Overall structure of BrkAβ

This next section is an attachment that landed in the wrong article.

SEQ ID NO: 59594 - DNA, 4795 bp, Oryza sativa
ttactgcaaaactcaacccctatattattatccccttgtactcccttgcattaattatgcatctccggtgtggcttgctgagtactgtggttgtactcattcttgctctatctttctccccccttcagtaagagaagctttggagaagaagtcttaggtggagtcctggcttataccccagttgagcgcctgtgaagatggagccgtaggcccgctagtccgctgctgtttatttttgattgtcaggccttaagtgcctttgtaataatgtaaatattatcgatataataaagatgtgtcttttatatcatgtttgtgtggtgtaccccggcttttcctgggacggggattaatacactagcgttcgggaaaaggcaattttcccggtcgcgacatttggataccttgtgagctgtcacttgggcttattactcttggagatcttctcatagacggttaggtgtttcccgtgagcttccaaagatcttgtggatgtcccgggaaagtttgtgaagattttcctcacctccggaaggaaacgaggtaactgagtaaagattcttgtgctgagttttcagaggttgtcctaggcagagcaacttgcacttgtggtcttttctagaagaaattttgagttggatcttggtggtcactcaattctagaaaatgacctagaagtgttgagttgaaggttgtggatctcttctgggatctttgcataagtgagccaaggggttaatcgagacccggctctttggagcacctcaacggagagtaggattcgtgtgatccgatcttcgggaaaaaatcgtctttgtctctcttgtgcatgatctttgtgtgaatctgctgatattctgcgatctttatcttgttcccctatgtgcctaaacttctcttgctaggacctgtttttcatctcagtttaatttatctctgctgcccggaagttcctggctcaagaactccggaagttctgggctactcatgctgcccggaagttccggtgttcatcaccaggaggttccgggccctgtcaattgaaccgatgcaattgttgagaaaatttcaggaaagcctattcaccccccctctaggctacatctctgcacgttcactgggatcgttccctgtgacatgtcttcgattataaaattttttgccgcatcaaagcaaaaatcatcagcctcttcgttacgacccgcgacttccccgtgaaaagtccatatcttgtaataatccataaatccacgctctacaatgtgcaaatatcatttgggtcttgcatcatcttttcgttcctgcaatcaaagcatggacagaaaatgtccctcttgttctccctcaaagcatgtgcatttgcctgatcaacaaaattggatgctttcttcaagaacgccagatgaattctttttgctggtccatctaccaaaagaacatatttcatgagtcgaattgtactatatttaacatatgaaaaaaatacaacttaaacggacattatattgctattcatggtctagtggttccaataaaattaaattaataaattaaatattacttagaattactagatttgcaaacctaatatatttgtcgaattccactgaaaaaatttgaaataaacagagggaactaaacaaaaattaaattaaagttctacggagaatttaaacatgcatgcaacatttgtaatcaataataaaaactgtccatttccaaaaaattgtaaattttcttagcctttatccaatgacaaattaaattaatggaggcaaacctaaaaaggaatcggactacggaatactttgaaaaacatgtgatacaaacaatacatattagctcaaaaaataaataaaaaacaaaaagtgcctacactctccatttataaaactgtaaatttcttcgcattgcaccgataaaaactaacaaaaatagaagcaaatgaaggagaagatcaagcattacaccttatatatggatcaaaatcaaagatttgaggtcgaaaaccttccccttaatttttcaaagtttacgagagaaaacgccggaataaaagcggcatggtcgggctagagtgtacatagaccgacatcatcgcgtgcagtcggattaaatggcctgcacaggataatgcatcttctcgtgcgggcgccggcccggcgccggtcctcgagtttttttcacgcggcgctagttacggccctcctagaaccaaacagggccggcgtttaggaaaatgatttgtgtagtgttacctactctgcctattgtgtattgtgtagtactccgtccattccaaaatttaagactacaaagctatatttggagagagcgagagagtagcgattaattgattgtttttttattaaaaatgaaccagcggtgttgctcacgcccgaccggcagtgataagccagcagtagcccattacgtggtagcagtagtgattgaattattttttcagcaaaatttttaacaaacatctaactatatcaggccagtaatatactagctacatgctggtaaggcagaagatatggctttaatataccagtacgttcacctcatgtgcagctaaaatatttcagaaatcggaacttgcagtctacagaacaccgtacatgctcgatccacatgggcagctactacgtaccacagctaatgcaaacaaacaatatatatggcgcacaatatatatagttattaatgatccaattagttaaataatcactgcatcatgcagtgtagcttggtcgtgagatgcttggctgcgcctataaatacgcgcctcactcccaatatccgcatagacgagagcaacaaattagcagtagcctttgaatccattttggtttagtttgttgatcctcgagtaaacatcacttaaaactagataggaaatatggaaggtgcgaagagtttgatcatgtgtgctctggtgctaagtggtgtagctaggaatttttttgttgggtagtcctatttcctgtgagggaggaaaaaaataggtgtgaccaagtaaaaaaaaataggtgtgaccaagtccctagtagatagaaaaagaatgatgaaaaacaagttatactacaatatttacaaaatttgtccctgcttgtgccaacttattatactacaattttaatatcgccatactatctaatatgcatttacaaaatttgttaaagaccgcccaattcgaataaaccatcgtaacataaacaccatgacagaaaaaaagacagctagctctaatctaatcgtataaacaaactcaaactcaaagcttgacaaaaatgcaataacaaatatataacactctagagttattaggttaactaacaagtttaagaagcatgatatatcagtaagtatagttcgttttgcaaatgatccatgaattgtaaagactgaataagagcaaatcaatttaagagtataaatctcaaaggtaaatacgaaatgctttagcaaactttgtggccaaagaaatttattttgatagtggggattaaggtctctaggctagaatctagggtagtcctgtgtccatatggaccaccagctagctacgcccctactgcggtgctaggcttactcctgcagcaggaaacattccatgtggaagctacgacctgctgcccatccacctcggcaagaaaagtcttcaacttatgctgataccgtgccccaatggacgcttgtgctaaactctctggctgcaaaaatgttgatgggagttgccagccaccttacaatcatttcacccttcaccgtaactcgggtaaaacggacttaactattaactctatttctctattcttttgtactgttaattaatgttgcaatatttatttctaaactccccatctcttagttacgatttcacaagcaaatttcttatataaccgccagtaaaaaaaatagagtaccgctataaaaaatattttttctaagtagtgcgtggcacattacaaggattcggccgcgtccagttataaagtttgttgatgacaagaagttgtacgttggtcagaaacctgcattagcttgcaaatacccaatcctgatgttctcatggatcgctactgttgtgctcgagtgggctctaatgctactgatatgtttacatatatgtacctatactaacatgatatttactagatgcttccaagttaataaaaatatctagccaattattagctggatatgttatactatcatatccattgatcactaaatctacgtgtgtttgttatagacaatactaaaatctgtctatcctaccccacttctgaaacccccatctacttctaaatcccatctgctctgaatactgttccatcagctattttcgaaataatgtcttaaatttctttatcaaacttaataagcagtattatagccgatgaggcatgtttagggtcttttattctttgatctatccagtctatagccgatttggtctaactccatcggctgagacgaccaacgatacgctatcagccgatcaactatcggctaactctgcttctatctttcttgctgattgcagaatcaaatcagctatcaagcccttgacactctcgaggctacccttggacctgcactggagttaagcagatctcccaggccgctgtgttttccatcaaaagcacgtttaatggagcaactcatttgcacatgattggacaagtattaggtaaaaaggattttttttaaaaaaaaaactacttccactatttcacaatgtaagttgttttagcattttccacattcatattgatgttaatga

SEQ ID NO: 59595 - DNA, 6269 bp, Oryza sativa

Purified refolded BrkAβ was crystallized in space group C2221, and its crystal structure was determined by MR and refined at 3.0 Å resolution with Rwork 26.6% and Rfree 32.4% (Table 1). The overall structure of BrkAβ (residues Ala728–Phe1010) is a 12-stranded antiparallel β-barrel with a height of ~70 Å and an ellipsoidal cross section of ~19 Å×27 Å (Figure 1A). The interior of the β-barrel is packed with 37 hydrophilic and 34 hydrophobic residues. The exterior of the β-barrel is composed of a hydrophobic belt that is lined by two girdles of aromatic residues at the top and bottom (Figure 1A). The width of the hydrophobic belt (~30 Å) is complementary to the non-polar portion of the OM (Figure 1A). The β-barrel has a shear number of 14, and the β-strands are tilted at an angle of ~45° to the barrel axis (Figure 1B). The β-strands (S1–S12) range in length from 11 to 22 residues and are connected by short periplasmic turns (T1–T5) and extracellular loops (L1–L6) of various lengths (Figure 1). The longest loop (L4 or L5) contains 20 residues, whereas the shortest loop (L6) contains only two residues. L1 and L5 cannot be completely built because of the poor electron density, indicating their structural flexibility. In L4, two antiparallel β-strands form a small β-sheet and protrude into the extracellular space. A short loop before the first strand of the β-barrel is inserted into the central pore from the periplasmic side. Although an elongated stretch of electron density is present in the pore, it is too smeared to trace any residues before Asp745 (Figure 1B and see Supplementary Figure S2). Since black lipid bilayer experiments indicated the processing of the passenger domain of BrkA occurs at the site between Asn731 and Ala732 [10,11,16], i.e. before Asp745, it is further believed that the passenger domain is cleaved inside the central pore of the BrkA β-barrel.